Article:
Jeremy Davis
Jeremy Davis
Sitecore, C# and web development
Jeremy Davis
Jeremy Davis
Sitecore, C# and web development
Article printed from: https://blog.jermdavis.dev/posts/2015/programmatic-wffm-submissions

Programmatic WFfM submissions

Published 18 May 2015
Updated 25 August 2016

Recently a client of mine came up with some requirements that involved submitting data to the Web Forms for Marketers database via code. Having done a bit of Googling, I came across a Stack Overflow answer on the same subject which seemed to offer a solution. Implementing this code did indeed allow submitting data – however it didn't trigger Save Actions. So while the data will go to the configured WFfM data store, emails or CRM integrations won't get triggered.

That was an issue for my client, who wanted to have email notifications as well. So starting from the Stack Overflow responses, I looked into how the WFfM save actions can be correctly triggered via code.

Starting point

In order to save a form, you need to start off with the definition of a form. This can be set up in the usual way using the WFfM designer:

Basic Form

You need to add the set of fields you want to be able to submit automatically, and you need to make a note of the IDs of the form item and each of the field items.

You also need to set up the correct set of Save Actions – here I've set the form to save to the forms database and to send an email.

The bare minimum of code to save data, based on the Stack Overflow answers might look a bit like this:

private ID _formID = new ID("{9A4FC79F-4F26-48EC-BAD6-CB34E83F2900}");
private string _nameFieldID = "{EE4286A7-5ED0-4374-A983-4207AAE31587}";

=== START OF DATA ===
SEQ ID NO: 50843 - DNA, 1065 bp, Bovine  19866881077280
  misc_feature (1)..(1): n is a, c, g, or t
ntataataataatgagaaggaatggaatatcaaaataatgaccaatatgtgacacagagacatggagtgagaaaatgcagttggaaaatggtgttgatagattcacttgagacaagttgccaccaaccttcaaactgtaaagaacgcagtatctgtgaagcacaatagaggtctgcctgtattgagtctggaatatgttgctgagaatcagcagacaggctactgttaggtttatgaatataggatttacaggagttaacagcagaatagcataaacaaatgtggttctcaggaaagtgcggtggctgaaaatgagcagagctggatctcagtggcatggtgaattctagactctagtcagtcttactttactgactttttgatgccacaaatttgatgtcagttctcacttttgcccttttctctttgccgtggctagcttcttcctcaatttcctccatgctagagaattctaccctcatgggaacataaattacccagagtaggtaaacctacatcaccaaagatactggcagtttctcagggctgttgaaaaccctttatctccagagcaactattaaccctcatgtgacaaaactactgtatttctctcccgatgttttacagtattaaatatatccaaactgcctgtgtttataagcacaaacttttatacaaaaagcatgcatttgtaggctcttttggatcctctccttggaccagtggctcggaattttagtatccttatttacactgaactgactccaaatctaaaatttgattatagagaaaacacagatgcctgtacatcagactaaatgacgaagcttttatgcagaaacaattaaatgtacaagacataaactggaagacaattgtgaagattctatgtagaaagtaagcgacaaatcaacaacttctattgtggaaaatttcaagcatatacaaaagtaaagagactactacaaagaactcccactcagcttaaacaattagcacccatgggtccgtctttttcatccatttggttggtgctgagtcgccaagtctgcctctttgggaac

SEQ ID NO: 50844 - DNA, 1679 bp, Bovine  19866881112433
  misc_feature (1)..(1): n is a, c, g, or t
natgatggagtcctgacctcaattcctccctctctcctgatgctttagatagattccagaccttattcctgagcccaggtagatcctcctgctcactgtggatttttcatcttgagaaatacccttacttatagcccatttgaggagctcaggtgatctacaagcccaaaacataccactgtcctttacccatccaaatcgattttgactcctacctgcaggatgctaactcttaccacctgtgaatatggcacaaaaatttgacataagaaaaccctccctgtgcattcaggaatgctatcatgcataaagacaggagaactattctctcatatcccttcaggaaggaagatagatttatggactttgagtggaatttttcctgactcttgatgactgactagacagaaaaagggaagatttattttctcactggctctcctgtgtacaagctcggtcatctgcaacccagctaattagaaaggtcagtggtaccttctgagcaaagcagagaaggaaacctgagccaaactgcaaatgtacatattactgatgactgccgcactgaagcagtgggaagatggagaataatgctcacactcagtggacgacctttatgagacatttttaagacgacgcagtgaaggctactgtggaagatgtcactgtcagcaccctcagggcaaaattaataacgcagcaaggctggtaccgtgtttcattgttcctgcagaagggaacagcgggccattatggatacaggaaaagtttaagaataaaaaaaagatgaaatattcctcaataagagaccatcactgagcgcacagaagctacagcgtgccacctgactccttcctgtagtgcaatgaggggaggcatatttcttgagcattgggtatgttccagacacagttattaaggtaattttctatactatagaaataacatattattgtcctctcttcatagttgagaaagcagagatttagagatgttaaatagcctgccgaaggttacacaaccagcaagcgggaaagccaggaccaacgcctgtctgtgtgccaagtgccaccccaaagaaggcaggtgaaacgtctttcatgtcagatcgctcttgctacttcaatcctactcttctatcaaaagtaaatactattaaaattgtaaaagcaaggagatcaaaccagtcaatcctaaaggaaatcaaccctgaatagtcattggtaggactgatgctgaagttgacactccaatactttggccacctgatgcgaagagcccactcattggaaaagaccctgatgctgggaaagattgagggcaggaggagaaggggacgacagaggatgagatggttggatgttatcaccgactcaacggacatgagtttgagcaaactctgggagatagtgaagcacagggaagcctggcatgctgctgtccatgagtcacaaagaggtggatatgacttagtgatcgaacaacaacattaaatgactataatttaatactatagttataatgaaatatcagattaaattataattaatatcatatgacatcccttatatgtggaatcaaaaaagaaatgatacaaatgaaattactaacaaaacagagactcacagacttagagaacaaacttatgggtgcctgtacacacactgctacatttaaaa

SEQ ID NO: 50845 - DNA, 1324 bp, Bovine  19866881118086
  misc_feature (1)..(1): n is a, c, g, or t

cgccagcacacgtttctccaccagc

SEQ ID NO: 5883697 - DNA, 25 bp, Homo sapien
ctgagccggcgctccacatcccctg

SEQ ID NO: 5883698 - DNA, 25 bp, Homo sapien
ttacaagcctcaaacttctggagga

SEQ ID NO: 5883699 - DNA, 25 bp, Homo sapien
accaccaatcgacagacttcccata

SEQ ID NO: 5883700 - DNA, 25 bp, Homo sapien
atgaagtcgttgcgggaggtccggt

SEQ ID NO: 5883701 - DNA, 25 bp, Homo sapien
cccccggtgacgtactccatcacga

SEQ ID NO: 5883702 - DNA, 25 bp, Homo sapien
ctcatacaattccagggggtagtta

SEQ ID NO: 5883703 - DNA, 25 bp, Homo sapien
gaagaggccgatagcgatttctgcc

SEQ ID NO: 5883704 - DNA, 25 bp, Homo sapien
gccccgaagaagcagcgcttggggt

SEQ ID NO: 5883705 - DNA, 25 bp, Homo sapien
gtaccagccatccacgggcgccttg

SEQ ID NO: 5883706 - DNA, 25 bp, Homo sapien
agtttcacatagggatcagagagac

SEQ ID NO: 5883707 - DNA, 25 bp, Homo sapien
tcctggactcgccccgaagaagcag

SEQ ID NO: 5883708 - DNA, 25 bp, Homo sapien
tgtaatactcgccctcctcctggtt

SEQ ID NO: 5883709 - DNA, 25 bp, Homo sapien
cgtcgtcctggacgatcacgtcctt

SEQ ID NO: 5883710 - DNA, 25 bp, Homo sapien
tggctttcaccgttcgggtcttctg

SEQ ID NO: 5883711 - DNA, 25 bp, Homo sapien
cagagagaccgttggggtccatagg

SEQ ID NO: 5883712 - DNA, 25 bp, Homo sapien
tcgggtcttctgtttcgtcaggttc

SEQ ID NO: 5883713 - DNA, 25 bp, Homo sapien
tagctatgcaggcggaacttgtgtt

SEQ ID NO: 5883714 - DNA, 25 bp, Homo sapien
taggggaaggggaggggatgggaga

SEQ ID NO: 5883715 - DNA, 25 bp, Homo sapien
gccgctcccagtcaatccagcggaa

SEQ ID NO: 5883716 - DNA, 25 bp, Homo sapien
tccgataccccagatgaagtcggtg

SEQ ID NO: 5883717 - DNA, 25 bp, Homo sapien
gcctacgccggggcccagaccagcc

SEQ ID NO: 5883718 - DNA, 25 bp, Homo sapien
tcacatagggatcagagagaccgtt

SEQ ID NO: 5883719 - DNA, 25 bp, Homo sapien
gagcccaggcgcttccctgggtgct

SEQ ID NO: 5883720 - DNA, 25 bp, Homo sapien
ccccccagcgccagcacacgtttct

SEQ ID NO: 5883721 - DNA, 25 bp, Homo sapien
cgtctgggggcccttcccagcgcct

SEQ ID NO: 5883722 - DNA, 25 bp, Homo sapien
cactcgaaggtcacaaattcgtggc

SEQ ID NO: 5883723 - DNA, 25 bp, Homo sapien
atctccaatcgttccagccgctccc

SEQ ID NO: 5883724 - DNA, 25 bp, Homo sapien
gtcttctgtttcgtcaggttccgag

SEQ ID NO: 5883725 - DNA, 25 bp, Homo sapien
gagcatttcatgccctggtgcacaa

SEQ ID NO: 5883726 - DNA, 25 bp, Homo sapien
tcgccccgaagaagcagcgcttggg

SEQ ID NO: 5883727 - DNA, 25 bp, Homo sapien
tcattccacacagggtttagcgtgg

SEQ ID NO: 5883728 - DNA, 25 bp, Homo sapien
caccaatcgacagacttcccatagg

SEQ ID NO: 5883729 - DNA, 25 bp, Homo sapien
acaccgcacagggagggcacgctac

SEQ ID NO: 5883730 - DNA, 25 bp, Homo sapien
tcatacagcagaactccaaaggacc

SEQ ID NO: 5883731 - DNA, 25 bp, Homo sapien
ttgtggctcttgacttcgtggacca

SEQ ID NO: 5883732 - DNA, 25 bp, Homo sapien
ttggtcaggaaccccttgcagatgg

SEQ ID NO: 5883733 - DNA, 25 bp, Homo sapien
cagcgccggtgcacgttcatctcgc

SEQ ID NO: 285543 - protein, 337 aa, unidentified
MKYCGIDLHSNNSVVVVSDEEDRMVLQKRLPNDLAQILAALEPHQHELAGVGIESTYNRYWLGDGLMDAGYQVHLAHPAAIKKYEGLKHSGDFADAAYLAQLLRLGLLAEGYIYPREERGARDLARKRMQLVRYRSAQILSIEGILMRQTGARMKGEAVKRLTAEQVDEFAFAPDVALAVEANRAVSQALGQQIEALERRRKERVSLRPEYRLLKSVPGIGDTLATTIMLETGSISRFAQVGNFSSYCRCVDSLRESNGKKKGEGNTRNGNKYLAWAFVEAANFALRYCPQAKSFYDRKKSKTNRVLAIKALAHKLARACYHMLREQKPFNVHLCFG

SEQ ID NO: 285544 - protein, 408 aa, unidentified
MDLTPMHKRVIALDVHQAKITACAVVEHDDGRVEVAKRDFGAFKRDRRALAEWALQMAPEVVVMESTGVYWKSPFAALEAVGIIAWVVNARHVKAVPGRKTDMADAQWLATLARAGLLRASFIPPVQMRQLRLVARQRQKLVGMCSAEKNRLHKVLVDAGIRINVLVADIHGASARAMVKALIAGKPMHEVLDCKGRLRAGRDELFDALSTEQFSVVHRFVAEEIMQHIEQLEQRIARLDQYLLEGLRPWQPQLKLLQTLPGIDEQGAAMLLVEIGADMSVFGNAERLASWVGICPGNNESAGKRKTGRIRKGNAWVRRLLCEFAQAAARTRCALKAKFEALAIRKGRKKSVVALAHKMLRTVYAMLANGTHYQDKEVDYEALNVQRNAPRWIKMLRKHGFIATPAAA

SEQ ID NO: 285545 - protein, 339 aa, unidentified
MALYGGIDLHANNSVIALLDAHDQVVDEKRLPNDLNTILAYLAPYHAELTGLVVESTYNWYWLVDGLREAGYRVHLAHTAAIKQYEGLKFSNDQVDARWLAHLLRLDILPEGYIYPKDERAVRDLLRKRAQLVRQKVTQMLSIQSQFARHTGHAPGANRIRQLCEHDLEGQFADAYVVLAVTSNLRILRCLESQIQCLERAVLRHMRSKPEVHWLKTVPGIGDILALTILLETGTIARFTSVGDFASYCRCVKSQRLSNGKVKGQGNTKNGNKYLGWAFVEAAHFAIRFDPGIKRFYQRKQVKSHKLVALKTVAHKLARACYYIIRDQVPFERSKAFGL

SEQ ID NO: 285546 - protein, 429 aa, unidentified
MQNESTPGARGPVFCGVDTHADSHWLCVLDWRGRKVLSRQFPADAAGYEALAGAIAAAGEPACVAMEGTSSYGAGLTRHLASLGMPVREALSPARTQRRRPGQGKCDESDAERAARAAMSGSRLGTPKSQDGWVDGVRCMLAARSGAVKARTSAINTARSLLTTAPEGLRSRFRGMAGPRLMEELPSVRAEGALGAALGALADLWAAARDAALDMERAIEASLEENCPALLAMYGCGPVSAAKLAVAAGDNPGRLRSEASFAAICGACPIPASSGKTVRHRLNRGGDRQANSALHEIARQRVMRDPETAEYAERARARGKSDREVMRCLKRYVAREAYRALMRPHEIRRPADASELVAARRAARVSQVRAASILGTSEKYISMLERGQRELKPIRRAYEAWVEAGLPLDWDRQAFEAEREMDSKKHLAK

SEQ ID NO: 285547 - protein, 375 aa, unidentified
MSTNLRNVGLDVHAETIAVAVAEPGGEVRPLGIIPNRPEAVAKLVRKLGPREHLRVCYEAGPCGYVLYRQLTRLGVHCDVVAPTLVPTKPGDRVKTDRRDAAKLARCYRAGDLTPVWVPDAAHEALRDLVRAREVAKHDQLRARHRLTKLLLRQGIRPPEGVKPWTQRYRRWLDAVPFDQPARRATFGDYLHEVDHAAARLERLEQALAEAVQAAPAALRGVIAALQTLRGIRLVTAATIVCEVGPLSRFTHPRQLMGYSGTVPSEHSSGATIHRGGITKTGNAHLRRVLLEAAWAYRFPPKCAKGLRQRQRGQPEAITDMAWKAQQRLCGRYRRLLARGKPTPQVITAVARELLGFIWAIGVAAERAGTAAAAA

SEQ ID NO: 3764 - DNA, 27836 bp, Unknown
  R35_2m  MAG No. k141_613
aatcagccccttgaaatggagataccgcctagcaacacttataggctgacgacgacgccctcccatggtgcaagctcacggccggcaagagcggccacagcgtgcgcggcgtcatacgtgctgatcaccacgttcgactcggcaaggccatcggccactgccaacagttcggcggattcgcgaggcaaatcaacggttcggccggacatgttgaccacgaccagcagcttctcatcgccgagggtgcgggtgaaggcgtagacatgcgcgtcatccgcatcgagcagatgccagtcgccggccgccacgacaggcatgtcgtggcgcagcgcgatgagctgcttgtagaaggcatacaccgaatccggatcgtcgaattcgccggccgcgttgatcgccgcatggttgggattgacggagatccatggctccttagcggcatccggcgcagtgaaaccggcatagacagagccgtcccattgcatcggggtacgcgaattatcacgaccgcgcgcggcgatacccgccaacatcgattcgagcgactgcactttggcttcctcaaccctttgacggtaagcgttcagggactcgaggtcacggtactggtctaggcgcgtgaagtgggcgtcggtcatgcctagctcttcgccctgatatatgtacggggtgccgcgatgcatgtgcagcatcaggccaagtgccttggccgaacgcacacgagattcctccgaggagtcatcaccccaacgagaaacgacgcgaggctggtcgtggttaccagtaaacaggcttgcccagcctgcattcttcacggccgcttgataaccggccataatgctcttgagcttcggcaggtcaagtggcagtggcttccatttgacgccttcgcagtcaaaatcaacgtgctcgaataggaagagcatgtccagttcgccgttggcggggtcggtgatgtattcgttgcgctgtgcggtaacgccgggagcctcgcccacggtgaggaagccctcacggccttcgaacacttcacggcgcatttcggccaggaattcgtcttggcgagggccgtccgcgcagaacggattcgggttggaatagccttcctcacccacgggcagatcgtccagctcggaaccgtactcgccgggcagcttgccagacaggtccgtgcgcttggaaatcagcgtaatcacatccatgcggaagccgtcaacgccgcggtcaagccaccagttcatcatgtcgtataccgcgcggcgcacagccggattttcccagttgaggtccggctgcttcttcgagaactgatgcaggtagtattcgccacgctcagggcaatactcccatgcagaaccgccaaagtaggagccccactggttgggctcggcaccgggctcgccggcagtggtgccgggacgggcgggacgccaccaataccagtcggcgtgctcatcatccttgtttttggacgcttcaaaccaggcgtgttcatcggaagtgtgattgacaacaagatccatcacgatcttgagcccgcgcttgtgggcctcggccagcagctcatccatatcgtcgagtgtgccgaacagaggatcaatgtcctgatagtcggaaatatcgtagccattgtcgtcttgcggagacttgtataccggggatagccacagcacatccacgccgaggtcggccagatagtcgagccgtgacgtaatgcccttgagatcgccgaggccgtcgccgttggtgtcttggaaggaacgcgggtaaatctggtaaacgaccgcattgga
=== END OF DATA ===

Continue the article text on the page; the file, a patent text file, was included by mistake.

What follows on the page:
private string _emailFieldID = "{0869EE16-316E-44B3-B399-2BA2B0DE61E6}";
private string _messageFieldID = "{B81DA4AC-A30E-44A1-AD53-3A6DD34BD708}";

public void SubmitData()
{
    var acrList = new List<AdaptedControlResult>();
            
    acrList.Add(makeAdaptedControlResult(_nameFieldID, "Name", "John Smith"));
    acrList.Add(makeAdaptedControlResult(_emailFieldID, "Email", "[email protected]"));
    acrList.Add(makeAdaptedControlResult(_messageFieldID, "Message", "Lorem ipsum dolor sit"));

    var arl = new AdaptedResultList(acrList);

    Sitecore.Forms.Data.DataManager.InsertForm(_formID, arl, Sitecore.Data.ID.NewID, null);
}

private AdaptedControlResult makeAdaptedControlResult(string fieldID, string fieldName, string fieldValue)
{
    var controlResult = new ControlResult(fieldName, fieldValue, string.Empty) 
    { 
        FieldID = fieldID, 
        FieldName = fieldName, 
        Value = fieldValue 
    };

    return new AdaptedControlResult(controlResult, true);
}

					

The code needs to create a list of AdaptedControlResult objects in order to simulate the postback behaviour of a real form. And then it passes these to the configured DataManager object to save it in the database.

Simple enough - but it won't trigger the Save Actions for the form.

Extending this

Digging through the WFfM DLLs with ILSpy lead me to the SubmitActionManager class's Execute() method. This wraps up the behaviour of calling the assorted Save Actions - but it requires you to pass in some different things. Firstly, it requires ControlResult objects to represent the posted data rather than the AdaptedControlResult class above. And secondly, it requires you to pass in the set of ActionDefinition objects that the form defines.

When you're looking at SubmitActionManager the obvious approach to getting the set of Actions for your form is the GetActions() method on that class. Initially this appears fine - it returns a set of Actions and they seem to match up with the actions defined in your form. However when you try to use these to submit a form, it doesn't work... I spent some time trying to work out why – but unhelpfully the Execute() method doesn't return any useful error messages. Looking at the code it discards the errors that are returned from internal call to ExecuteSaving().